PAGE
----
The benefits of empathy: When empathy may sustain cooperation in social dilemmas

Leiden University, The Netherlands
European Journal of Social Psychology (Impact Factor: 1.78). 01/2009; 40(5):856 - 866. DOI: 10.1002/ejsp.659

ABSTRACT Cooperation in social dilemmas is often challenged by negative noise, or unintended errors, such that the actual behavior is less cooperative than intended—for example, arriving later than intended for a meeting due to an unusual traffic jam. The present research was inspired by the notion that doing a little more for one's interaction partner, which may be movitvated by empathetic feelings, can effectively reduce the detrimental effects of “negative noise,” or unintended incidents of noncooperation. Consistent with hypotheses, negative noise exhibited detrimental effects on cooperation, but such effects were absent when empathy-motivated cooperation was present. We conclude that empathy has broad benefits for social interaction, in that it can be an effective tool for coping with misinterpreted behaviors, thereby maintaining or enhancing cooperation. Copyright © 2009 John Wiley & Sons, Ltd.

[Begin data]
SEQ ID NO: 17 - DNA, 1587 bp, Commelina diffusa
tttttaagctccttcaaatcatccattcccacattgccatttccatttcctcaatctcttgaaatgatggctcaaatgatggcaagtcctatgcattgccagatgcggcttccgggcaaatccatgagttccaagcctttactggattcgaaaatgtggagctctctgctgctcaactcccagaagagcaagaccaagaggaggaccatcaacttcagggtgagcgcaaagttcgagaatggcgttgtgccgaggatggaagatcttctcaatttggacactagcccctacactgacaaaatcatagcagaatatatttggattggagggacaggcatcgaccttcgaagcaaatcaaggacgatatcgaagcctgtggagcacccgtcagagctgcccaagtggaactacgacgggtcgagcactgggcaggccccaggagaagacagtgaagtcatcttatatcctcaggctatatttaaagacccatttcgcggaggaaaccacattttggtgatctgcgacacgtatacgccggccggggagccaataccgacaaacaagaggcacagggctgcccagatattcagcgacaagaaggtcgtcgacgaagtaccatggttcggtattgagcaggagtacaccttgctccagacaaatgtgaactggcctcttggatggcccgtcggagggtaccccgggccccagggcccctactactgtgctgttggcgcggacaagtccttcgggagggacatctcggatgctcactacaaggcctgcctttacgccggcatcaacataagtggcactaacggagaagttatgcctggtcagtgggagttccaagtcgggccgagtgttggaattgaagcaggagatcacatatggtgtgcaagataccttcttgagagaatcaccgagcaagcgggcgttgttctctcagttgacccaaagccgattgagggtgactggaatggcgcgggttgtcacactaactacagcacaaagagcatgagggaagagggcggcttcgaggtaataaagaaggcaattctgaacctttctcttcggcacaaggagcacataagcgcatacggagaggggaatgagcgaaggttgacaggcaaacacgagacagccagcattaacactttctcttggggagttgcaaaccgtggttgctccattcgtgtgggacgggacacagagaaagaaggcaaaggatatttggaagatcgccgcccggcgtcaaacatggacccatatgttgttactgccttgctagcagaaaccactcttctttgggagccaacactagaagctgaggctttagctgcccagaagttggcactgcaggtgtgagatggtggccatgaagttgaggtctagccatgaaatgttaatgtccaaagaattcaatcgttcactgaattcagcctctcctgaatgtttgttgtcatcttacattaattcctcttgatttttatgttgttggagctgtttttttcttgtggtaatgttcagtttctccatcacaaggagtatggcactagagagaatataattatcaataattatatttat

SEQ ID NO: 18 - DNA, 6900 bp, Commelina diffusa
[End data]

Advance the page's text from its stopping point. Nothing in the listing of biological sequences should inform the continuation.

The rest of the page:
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Available from: Paul A M Van Lange, Sep 26, 2015
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    • "In line with this interpretation, Sanna, Lundberg, Parks, and Chang (2010) have recently shown that the level at which a social dilemma problem is construed can predict the degree of cooperation (i.e., a prosocial behavior known to involve empathy; Rumble et al., 2010). They predicted and found that when motives were framed abstractly (e.g., being cooperative or competitive), high levels of construal resulted in more cooperation and competitiveness, respectively (see also Giacomantonio, Dreu, Shalvi, Sligte, & Leder, 2010). "
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